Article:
Notices of Meeting include information about the subject matter to be examined by the committee and date, time and place of the meeting, as well as a list of any witnesses scheduled to appear. The Evidence is the edited and revised transcript of what is said before a committee. The Minutes of Proceedings are the official record of the business conducted by the committee at a sitting.
Honourable members of the committee, I see a quorum.
I must inform members that the clerk of the committee can only receive motions for the election of the chair. The clerk cannot receive other types of motions, cannot entertain points of order nor participate in debate.
We can now proceed to the election of the chair.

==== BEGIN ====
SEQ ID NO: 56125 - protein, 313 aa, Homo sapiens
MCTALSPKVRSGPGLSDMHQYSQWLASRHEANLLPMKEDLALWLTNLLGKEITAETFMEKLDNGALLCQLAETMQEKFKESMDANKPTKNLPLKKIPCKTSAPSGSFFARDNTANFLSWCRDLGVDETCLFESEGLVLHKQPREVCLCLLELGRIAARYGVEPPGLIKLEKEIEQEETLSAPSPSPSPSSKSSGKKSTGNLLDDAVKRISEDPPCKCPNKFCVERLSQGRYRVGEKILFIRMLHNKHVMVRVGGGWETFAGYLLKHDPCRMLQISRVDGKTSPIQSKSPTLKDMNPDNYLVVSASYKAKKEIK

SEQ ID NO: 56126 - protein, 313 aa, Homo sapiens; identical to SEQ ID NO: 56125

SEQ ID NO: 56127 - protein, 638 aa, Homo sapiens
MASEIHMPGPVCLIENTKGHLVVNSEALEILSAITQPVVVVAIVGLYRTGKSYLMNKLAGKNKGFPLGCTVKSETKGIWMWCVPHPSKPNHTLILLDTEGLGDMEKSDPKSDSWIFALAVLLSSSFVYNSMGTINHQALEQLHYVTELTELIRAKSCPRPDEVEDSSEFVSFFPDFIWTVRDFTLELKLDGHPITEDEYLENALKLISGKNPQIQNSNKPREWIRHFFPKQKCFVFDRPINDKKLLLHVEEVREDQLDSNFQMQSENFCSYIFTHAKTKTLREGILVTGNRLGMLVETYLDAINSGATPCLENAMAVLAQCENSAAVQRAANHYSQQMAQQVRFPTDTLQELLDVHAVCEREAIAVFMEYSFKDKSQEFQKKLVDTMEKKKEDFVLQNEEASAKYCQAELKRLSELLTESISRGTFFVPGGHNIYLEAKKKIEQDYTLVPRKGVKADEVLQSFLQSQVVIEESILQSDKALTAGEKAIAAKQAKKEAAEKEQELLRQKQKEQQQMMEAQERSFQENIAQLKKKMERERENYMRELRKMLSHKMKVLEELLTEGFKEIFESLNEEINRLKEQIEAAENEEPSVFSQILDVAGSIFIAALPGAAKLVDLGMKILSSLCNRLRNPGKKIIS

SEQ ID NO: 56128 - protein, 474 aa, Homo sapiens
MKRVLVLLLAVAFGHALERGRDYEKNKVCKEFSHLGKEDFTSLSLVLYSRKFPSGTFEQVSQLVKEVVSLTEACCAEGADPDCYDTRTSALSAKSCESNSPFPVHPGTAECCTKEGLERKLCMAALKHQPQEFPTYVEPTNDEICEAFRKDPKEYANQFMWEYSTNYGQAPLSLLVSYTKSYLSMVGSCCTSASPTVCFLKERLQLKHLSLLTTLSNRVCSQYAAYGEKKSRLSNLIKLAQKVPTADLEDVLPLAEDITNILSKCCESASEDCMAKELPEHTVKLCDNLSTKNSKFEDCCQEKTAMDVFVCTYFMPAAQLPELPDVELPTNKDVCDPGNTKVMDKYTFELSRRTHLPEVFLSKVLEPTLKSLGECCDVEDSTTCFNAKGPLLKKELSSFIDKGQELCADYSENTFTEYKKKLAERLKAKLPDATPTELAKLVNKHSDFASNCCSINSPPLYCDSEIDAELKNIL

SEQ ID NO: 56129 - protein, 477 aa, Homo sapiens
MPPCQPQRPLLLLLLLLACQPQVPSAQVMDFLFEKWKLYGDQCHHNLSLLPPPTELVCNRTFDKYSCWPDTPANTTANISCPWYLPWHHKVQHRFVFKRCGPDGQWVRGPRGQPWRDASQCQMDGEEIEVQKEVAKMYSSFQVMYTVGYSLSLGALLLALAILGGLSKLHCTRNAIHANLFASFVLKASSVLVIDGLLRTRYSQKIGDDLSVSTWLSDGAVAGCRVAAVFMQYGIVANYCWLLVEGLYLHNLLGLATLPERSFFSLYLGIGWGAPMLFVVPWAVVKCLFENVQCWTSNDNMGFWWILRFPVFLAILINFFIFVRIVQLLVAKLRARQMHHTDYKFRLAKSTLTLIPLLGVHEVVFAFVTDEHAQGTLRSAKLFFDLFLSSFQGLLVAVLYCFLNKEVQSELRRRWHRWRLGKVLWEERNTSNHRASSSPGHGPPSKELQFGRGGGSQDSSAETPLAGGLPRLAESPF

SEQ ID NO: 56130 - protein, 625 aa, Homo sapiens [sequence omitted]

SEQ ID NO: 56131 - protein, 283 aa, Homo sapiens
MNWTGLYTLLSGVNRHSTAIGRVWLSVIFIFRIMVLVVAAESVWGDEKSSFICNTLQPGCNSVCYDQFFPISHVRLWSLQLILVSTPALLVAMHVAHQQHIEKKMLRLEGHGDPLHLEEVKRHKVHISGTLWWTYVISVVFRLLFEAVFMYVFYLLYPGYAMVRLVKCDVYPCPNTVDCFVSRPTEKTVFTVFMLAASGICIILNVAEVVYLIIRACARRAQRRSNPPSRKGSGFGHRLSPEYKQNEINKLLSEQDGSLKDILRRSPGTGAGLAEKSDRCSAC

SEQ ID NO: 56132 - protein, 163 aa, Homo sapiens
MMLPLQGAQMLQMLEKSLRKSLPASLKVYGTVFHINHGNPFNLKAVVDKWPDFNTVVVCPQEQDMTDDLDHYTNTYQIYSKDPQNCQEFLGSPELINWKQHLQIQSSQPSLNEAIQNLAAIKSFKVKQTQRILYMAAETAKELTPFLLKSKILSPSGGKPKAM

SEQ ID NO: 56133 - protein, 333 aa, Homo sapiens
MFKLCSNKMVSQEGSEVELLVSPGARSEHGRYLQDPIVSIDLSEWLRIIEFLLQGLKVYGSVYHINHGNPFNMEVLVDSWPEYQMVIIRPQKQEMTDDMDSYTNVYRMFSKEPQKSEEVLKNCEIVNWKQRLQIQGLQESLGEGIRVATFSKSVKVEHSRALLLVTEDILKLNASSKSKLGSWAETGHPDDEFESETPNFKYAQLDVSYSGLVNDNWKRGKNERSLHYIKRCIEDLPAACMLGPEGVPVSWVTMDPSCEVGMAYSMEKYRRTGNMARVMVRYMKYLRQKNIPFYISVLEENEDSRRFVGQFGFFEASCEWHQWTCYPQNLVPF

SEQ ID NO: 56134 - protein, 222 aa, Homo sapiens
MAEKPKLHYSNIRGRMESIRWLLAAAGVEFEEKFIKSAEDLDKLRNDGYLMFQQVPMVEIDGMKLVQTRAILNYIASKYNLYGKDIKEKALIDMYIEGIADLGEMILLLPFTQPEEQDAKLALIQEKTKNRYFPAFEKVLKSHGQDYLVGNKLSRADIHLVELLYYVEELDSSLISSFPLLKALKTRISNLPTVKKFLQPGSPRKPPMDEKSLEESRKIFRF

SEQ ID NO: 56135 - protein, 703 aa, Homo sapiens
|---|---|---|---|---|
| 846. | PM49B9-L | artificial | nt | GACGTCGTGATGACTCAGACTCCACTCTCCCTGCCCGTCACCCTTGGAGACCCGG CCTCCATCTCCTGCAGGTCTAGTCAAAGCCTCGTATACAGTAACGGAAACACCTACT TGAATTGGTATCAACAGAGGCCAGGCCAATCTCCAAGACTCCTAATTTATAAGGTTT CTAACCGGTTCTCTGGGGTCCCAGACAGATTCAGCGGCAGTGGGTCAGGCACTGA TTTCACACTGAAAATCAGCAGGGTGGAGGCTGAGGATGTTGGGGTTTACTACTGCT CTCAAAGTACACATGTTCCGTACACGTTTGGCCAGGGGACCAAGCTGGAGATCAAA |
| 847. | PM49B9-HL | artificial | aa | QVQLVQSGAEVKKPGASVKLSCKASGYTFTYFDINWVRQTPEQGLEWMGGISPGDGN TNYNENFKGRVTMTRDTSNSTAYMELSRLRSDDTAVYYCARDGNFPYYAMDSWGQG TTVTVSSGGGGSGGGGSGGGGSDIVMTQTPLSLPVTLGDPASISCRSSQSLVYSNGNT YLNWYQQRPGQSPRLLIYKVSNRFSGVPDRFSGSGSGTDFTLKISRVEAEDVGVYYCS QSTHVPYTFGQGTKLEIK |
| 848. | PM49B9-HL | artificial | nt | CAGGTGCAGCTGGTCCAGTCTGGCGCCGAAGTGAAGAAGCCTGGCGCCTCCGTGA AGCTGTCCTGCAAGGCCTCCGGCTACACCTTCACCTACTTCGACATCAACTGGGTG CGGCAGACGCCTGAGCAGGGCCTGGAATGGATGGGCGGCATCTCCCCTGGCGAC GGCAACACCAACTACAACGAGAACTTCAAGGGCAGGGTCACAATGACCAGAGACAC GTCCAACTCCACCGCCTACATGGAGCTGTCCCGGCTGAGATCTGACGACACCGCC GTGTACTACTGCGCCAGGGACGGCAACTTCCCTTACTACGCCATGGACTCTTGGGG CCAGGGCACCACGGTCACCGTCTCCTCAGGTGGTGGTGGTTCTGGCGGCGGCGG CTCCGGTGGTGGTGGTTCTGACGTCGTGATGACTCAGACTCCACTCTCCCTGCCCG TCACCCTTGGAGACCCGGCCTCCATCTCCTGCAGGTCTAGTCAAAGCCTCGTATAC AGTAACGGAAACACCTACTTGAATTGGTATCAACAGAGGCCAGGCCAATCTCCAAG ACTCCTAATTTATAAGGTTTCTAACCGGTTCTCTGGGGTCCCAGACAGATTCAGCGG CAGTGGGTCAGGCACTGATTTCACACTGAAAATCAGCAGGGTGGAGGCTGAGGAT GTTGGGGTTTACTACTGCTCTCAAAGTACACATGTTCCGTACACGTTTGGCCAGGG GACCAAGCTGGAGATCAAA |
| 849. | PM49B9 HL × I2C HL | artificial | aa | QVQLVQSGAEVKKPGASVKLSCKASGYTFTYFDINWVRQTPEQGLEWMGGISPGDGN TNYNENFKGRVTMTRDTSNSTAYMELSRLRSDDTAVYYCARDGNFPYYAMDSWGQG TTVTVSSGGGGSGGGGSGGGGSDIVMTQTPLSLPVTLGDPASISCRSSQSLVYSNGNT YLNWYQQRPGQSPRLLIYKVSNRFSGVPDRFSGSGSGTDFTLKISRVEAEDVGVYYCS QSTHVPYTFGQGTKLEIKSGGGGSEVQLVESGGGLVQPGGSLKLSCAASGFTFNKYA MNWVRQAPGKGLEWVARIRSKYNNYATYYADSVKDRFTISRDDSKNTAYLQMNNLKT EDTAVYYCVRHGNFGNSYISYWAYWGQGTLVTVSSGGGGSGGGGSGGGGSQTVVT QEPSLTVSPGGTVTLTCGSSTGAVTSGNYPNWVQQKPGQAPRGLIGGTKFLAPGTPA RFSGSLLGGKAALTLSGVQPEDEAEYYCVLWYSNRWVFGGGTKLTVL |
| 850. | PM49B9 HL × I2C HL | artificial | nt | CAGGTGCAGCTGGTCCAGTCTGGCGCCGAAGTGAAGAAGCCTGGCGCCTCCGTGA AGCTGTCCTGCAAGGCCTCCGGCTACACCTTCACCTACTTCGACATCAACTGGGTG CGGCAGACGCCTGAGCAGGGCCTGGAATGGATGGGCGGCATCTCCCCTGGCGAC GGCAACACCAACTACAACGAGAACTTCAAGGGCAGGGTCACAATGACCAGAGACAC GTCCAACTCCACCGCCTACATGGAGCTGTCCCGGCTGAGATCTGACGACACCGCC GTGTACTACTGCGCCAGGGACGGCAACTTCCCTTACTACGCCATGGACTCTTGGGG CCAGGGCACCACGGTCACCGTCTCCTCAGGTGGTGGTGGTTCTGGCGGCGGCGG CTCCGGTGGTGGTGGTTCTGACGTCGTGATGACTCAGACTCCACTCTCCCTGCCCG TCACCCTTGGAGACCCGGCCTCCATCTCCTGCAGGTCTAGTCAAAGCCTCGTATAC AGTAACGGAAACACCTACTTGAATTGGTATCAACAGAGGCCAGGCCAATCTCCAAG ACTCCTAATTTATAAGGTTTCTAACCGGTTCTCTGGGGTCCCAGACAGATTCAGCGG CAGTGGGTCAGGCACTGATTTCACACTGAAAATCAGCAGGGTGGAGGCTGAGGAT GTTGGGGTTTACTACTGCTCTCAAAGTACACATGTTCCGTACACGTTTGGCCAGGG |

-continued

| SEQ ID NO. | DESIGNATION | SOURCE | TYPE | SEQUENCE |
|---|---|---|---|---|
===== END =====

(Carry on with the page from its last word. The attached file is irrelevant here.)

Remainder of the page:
Pursuant to Standing Order 106(2), the chair must be a member of the official opposition.
To begin, thank you so much for putting your faith in me. I look forward to doing great things for women and gender across Canada, as we all work together in the 43rd Parliament. If the committee is in agreement, we'll proceed with the election of vice-chairs.
We'll be looking for a vice-chair from the government side. May I have a nomination?
I will proceed with the election of the second vice-chair. Pursuant to Standing Order 106(2), the second vice-chair must be a member of an opposition party other than the official opposition. I am now prepared to receive motions for the second vice-chair.
I did have confirmation earlier that PROC has gone through that, allowing a third vice-chair, and it has not been finalized. At this time, it is just two vice-chairs according to the Standing Orders. We'll see how things roll out once PROC has decided.